Closing the funding gap in Scotland’s colleges would mean taking money away from schools or hospitals, the Scottish Government’s Minister for Higher and Further Education has claimed.

Graeme Dey was pushed on the eye-watering financial difficulties facing the sector after The Herald exclusively revealed the nearly half-a-billion pound shortfall on Monday as part of our State of Scotland’s Colleges series.

READ MORE: Colleges facing budget gap of nearly half a billion pounds

For the year 2024-25, colleges are due to receive a total of £643,040,000 from the Scottish government; however, inflation since 2021 means that the sector would actually have required more than £834m of funding this year in order to avoid a real-terms cut to their budgets.

Over the three year period since 2021-22, the total combined budget gap stands at more than £464m.

Mr Dey said the Scottish Government was facing “extraordinary financial challenges” after “years of austerity,”

The minister said he disputed The Herald’s figure though he accepted that there was a “gap”.

“However, how could it be otherwise given the financial challenges this government faces?” he asked.

He said opposition MSPs and others agitating for more money for colleges would need to say “where in the education or wider Scottish Government budget they would take these monies from.”

Tory MSP Liam Kerr said colleges were “critically important to Scotland's people, communities and the economy and crucial to delivering on the Scottish Government's priorities” but were being asked to do more with less.

“This sounds like Groundhog Day,” Mr Dey replied. “Yet again, we have the opposition coming to the chamber and asking for more funding, that's fine but our budget's been decimated by his party's decisions at Westminster “And of course, the cost of living crisis visited on us, all of us, our colleges included, by the Tories is relevant to this as well.

“So if he wants more money for colleges where is it going to come from? something would have to give.

“What are the Conservatives suggesting we cut to invest more in colleges?

“Is it our schools? Is it our hospitals? Because that's the stark choice that everyone has to face.”

READ MORE: Deep dive: exploring the key stats for Scotland's college sector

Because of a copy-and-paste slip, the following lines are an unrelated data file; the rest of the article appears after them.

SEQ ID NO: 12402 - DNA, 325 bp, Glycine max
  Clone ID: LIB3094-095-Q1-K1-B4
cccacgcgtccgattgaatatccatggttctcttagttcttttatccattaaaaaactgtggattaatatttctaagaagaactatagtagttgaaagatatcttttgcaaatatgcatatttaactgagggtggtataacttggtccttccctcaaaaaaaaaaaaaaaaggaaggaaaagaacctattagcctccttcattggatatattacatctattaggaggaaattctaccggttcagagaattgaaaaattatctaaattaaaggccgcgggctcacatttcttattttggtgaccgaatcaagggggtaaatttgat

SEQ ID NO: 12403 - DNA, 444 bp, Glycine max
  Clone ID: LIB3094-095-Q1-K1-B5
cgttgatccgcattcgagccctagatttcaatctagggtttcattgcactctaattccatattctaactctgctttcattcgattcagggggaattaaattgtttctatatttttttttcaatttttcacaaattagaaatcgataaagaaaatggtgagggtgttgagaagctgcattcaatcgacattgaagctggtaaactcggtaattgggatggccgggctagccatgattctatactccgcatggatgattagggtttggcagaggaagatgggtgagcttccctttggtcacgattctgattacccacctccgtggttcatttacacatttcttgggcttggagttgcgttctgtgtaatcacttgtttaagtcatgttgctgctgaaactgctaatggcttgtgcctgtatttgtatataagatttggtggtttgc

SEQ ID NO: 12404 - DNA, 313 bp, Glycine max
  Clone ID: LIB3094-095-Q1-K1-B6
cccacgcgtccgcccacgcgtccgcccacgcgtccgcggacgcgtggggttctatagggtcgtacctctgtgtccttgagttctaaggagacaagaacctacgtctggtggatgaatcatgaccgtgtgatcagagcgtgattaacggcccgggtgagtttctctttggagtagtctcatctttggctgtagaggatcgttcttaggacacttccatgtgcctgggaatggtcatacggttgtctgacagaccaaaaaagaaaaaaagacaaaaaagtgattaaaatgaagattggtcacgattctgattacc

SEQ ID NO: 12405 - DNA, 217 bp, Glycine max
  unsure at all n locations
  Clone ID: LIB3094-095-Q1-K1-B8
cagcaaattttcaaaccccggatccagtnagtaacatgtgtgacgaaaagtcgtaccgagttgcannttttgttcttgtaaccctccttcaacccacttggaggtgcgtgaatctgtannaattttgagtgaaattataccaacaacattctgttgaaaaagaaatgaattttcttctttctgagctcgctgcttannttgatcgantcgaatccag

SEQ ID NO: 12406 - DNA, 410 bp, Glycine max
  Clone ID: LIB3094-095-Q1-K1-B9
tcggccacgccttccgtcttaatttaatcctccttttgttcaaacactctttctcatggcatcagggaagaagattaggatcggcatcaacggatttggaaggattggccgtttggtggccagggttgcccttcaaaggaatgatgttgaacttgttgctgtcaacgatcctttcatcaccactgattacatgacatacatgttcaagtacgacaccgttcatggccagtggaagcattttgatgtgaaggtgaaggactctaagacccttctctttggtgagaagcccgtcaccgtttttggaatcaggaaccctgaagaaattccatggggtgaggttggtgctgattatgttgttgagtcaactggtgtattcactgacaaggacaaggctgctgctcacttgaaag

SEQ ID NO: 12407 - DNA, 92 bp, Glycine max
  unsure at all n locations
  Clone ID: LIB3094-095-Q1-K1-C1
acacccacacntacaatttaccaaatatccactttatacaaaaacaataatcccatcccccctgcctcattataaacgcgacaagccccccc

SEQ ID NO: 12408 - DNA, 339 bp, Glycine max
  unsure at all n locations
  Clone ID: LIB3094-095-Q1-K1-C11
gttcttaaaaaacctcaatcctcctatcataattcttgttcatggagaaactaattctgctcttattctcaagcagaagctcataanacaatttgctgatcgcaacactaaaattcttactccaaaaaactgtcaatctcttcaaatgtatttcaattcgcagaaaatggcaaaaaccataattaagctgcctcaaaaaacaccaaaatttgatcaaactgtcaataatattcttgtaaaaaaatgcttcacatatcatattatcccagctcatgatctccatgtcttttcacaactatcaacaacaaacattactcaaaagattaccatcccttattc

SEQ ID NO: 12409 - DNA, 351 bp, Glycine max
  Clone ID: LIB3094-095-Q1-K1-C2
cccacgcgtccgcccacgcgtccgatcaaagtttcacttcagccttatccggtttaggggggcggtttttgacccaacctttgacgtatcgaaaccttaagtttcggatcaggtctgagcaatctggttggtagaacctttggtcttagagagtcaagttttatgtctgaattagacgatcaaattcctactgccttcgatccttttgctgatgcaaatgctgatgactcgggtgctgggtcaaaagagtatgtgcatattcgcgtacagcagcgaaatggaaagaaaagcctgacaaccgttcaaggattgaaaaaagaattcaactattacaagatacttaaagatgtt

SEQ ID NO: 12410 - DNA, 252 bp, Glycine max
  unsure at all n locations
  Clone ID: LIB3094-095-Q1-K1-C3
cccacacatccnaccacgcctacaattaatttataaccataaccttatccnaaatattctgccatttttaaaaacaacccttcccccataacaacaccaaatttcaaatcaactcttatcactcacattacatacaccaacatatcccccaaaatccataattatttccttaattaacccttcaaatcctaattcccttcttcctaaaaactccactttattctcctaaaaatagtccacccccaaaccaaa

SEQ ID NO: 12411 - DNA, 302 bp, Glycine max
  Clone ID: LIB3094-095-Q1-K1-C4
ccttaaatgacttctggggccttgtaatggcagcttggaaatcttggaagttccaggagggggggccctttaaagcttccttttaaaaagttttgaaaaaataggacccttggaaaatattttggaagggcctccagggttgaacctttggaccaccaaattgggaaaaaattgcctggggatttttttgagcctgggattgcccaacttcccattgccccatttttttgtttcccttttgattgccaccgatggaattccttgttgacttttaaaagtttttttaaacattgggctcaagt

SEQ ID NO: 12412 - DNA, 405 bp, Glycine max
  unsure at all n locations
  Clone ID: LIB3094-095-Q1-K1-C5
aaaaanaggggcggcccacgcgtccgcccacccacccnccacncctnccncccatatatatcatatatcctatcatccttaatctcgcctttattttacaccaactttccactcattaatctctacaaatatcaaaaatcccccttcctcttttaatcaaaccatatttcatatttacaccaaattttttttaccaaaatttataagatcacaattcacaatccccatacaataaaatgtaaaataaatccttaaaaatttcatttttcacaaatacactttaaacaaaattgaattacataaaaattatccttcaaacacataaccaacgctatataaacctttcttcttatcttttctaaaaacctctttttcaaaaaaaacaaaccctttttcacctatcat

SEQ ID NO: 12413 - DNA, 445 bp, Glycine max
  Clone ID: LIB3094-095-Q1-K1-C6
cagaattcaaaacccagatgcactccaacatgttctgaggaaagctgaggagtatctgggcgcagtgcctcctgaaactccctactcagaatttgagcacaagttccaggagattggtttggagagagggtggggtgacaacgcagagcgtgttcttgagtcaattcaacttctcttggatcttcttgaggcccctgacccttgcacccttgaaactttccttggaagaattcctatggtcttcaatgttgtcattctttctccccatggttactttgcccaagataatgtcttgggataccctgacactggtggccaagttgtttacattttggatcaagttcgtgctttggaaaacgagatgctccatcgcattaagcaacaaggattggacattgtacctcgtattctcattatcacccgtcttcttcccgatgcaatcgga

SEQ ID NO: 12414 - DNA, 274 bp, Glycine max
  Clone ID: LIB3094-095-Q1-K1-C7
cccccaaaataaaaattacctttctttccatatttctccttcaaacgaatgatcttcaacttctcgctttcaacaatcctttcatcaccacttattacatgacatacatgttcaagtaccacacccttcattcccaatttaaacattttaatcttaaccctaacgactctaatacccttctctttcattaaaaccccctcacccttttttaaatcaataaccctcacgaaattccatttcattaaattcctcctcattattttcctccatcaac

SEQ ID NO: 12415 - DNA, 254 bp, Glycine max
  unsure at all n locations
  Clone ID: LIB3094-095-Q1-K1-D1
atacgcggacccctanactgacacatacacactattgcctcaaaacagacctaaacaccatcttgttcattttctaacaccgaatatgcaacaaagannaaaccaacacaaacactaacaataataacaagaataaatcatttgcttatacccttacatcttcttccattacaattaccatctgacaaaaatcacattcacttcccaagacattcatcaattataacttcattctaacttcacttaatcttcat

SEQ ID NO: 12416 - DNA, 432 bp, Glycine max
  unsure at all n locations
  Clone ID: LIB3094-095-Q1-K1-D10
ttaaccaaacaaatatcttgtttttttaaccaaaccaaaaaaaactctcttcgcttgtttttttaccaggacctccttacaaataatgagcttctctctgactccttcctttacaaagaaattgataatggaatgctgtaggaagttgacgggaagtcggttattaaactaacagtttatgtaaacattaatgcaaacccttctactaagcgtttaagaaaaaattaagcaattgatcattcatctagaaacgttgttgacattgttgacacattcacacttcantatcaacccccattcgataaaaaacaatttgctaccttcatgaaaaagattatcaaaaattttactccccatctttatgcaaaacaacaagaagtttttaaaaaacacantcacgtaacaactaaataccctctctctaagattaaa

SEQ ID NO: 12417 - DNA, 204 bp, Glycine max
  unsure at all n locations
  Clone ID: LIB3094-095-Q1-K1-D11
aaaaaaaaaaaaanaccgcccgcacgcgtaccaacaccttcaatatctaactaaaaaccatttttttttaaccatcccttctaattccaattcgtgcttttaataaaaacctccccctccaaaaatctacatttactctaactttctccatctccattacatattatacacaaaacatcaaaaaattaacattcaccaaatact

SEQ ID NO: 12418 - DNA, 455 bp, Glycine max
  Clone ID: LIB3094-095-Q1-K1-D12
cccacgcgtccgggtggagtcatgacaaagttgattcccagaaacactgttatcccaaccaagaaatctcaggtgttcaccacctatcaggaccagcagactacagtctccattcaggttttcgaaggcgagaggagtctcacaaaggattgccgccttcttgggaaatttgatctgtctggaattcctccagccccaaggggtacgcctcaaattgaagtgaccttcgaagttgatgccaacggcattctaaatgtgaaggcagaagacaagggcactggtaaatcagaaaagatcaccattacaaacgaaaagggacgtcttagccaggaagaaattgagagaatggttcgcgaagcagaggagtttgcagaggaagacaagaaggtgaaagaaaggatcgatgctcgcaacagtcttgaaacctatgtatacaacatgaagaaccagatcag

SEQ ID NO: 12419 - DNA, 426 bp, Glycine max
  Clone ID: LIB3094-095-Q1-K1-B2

The Scottish Funding Council has identified three colleges which they say are facing "significant cash flow issues", but declined to name them citing concerns that the dangerous financial situation and strained relationships could be pushed to a breaking point.

Lib Dem MSP Willie Rennie asked the minister to “assure the parliament that no college will be allowed to close.”

Mr Dey said “extensive work” was being undertaken to ensure the college at risk “can move towards a sustainable footing.”

“These are not easy times for some colleges there are very significant long-term systemic challenges that they face. But the Scottish Funding Council is extremely active in this space to try and ensure that these colleges are helped into a more secure future.”

Labour’s Pam Duncan Glancy said the Government was “behaving like they're not the Government.”

“Colleges across Scotland have identified the same problems, chronic funding gaps, fewer students, a drop in student support and staff striking for fair pay. One thing that is consistent is that it's all happened on this Government's watch.”

She urged the minister to “stop this slopey shouldered” approach and step in to support students and staff.

Mr Dey said Labour was “behaving like a party not fit for opposition nevermind government.”

“You cannot come to this chamber and rattle off a list of demand - and this is the college sector alone - without in any way identifying how that would be funded. That is reckless.”